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Me Too and the Trauma Narrative

I’ve spent the past days watching two little words that tell-and-don’t-tell so much wander, liberated at last, largely comma-free, through the raw expanse of shared trauma that is my Facebook-feed.

Me too

There was something freeing, wondrous in this massive exchange of implicit revelation, untold stories that were all different but all ached. With the Weinstein disaster in mind, and inspired by Rosebud Ben-Oni’s piece yesterday, I started pondering the trauma narrative.

As I read the two words over and over I felt sad—in solidarity, but sad. It took me so long to write the words myself. My fingers hovered over my computer keys, trembling in the air.

The logic of trauma is epic and for me it has always seemed to demand a certain encoding to guard safety. Maybe this is why I’m not a memoirist. I never like to talk about what happened to me head-on.

It’s something I can only show you sideways, tilted at an angle that makes it hard to identify but familiar still. I can only fictionalize all through the night and then get on the subway to my morning life.

Like Emily Dickinson, I “tell all the truth but tell it slant,” through fiction, poetry, sewed secretly into my clothing like the female characters from a Carmen Maria Machado story.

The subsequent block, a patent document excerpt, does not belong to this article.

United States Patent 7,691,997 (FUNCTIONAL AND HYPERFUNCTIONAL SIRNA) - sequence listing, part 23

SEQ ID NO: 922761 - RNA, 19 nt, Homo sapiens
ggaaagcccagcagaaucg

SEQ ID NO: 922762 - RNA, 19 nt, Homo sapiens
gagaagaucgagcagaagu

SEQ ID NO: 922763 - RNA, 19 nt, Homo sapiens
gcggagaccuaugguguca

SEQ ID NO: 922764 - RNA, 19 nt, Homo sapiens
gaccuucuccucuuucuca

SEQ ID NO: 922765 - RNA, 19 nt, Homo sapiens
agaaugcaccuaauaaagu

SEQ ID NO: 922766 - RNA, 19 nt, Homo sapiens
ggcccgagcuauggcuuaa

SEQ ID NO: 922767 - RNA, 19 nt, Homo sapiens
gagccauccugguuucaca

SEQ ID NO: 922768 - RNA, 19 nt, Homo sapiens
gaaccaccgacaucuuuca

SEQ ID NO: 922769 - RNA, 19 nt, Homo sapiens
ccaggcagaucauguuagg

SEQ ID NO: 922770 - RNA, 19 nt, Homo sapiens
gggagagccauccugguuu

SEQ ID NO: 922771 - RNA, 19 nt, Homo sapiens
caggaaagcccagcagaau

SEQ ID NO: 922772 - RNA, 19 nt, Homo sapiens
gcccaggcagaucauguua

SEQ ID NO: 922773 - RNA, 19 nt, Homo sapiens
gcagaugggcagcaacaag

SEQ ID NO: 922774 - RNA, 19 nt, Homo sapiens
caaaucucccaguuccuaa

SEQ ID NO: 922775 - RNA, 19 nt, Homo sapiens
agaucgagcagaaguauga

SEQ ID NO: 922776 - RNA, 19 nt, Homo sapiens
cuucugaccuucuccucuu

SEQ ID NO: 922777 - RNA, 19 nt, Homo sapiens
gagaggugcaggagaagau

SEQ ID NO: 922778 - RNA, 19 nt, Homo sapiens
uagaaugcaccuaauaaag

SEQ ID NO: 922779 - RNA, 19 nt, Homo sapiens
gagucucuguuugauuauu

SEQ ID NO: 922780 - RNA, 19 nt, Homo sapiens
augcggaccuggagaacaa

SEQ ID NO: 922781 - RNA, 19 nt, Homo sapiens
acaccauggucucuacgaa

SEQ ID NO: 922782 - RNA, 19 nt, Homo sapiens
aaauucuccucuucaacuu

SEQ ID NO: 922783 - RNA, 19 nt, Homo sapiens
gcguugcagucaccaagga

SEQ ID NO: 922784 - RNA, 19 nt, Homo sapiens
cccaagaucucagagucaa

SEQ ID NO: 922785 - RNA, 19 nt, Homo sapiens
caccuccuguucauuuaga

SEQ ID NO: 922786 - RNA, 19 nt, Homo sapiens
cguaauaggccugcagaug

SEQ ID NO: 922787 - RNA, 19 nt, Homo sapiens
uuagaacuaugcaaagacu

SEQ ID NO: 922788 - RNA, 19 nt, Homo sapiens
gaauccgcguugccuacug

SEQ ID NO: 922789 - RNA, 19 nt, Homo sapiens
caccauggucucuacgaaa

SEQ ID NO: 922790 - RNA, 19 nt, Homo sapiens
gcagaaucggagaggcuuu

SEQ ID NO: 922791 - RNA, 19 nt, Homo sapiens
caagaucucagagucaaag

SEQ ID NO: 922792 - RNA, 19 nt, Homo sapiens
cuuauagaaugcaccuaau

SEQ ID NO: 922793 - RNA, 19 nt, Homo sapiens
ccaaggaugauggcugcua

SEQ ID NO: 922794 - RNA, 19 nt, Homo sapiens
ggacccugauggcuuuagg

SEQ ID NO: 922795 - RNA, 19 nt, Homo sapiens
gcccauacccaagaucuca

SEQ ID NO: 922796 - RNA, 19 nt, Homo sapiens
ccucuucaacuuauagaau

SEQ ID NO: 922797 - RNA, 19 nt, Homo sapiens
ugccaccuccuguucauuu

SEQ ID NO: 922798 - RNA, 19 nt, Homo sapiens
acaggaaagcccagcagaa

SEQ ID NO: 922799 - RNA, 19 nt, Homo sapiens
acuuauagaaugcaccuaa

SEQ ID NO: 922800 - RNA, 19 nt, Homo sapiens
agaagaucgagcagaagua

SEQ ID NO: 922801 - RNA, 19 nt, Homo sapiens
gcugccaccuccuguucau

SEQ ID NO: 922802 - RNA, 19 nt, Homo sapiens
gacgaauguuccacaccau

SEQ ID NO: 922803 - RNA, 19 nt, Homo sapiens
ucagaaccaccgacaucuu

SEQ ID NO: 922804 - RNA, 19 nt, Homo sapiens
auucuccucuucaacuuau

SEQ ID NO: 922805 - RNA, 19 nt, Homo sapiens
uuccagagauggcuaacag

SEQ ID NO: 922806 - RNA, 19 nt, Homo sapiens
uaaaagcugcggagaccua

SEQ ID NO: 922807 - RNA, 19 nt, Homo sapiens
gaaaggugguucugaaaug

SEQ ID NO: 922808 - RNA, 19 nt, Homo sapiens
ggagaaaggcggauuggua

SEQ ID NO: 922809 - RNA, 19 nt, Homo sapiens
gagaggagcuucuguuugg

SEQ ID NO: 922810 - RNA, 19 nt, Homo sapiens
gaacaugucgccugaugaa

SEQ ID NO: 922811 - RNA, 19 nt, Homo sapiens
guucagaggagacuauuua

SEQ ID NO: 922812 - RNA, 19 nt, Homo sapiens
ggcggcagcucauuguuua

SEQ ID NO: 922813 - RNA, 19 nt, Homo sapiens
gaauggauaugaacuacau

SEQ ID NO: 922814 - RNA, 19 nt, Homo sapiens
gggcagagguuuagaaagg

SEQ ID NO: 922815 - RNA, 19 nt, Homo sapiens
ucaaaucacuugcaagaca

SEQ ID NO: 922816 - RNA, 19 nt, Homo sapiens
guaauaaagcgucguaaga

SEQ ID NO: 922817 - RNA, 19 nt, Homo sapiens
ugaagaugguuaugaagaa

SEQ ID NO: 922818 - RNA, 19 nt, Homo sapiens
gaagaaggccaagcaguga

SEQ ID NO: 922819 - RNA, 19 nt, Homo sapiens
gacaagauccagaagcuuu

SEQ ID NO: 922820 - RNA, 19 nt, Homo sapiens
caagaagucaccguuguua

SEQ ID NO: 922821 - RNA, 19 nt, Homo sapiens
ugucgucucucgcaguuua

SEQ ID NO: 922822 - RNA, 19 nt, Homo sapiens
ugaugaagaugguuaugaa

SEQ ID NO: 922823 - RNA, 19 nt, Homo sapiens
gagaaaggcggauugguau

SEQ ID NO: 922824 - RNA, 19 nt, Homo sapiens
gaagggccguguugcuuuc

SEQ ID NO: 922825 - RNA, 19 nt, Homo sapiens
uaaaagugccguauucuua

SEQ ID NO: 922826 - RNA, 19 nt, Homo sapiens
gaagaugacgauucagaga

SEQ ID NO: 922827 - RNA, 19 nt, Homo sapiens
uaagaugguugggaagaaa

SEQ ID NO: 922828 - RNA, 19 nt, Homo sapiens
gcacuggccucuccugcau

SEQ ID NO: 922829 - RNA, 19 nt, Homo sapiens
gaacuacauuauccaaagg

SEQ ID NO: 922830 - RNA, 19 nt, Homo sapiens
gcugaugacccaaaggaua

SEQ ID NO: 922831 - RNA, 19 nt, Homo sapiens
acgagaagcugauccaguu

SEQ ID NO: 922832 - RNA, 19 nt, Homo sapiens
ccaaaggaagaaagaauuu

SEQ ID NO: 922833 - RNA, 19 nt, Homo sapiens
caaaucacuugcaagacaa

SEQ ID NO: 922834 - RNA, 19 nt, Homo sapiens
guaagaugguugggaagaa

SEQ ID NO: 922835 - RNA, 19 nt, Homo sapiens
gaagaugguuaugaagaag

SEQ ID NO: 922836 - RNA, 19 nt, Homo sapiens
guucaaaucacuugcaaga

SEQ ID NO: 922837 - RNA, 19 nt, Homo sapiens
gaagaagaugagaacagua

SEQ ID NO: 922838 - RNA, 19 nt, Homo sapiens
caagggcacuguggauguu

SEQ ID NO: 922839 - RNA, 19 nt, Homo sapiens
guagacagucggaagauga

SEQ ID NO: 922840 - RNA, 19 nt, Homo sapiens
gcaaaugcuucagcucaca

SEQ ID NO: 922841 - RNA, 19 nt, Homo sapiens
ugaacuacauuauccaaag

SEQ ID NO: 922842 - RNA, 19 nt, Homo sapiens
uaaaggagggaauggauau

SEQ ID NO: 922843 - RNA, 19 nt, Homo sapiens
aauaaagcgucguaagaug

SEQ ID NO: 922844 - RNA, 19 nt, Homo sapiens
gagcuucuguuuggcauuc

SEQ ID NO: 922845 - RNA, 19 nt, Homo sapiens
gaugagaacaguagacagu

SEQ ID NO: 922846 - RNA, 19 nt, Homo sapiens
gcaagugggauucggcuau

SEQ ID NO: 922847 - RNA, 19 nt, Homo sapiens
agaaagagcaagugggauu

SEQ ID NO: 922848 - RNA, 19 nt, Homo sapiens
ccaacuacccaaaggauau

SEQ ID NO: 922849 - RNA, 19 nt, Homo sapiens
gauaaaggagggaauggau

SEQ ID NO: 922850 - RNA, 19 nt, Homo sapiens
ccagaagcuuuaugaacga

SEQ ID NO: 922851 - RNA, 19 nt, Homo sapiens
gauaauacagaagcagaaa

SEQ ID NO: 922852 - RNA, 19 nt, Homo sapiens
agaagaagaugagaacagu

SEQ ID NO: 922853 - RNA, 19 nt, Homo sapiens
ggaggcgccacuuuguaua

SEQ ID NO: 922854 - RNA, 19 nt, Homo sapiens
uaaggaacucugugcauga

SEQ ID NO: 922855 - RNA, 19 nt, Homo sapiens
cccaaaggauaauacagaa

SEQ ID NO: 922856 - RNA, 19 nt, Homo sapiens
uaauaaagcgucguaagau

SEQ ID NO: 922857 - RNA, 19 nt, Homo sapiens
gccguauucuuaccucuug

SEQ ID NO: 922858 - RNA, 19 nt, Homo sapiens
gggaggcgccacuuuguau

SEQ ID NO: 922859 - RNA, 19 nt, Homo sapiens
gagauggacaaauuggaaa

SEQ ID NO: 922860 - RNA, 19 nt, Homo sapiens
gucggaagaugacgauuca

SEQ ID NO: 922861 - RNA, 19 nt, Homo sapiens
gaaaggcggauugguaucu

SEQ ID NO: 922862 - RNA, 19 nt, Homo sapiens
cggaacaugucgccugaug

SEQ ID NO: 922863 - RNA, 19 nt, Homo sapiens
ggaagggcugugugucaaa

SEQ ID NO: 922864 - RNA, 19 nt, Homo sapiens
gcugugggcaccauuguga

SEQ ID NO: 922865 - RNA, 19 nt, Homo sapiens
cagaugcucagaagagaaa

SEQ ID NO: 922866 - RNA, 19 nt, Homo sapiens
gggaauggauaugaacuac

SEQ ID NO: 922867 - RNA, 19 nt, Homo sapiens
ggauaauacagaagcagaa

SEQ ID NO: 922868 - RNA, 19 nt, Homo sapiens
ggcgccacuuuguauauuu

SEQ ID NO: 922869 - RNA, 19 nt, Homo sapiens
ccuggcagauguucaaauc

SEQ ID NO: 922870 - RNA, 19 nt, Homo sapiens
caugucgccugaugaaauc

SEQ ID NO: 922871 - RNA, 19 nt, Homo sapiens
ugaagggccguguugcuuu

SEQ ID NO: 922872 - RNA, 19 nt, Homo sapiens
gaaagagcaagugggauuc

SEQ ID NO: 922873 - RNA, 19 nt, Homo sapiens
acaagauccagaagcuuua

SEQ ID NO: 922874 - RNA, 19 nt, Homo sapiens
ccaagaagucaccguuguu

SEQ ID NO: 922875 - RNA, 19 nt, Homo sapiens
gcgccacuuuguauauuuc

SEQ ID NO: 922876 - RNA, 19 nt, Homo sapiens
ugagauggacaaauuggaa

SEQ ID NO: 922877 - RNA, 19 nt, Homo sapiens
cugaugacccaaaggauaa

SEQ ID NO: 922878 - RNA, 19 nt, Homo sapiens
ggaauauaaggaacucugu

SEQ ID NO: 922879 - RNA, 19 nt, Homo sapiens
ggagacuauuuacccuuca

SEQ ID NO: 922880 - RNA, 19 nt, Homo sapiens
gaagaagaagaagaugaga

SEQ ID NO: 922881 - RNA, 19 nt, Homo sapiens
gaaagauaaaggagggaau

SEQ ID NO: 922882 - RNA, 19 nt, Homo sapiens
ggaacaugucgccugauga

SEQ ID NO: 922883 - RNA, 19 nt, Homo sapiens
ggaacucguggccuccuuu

Then I think, but shouldn’t I make it explicit? If I don’t, people might feel confused, lost in a tunnel, without any tools to help them see their way outBut then, I think, they’ll know exactly how it felt.

I celebrate every woman who has shared her details, but still I remain unable. Maybe I’m just a coward, but even in an explosion of me toos I still needed to encode, to fictionalize. I am always rewriting my life. I think all women are—and all people for whom this world wasn’t written, which is to say almost everybody, save the maddening few.

I figure the details are mine but the trauma is ours. We’ve all been there. We have learned that terror changes clock ticks into alien symptoms of our own dissolution, into a language we can no longer understand except to say, “perhaps tomorrow it will not rain again,” at that hour when everything hurts and nothing will ever be certain again.

I search other women’s (and men’s) writing for signs and symbols of my secret language: not just the hurt that transformed me but what it transformed me into, what it transformed in me, how I tried to make it into letters moving left to right across a page, bringing tidings of some part of me that had come back from the dead and wanted to tell about it, but only in a tongue nobody could place exactly. But it wasn’t that they couldn’t understand it at all; the thing is they could, sometimes more starkly than if I had just said it outright.

I want to show you not the explosion but the mushroom cloud. When you see it, you’ll feel it in your body. I want to show you the blasted segments, but also the kind of art you can make from the reassembled pieces.

I promise you that I’ll continue to fight every day for this world’s wounded creatures who are all of us, for those who continue to write about that wounding night after night, and maybe even to write about how we can stop hurting each other.

Me too.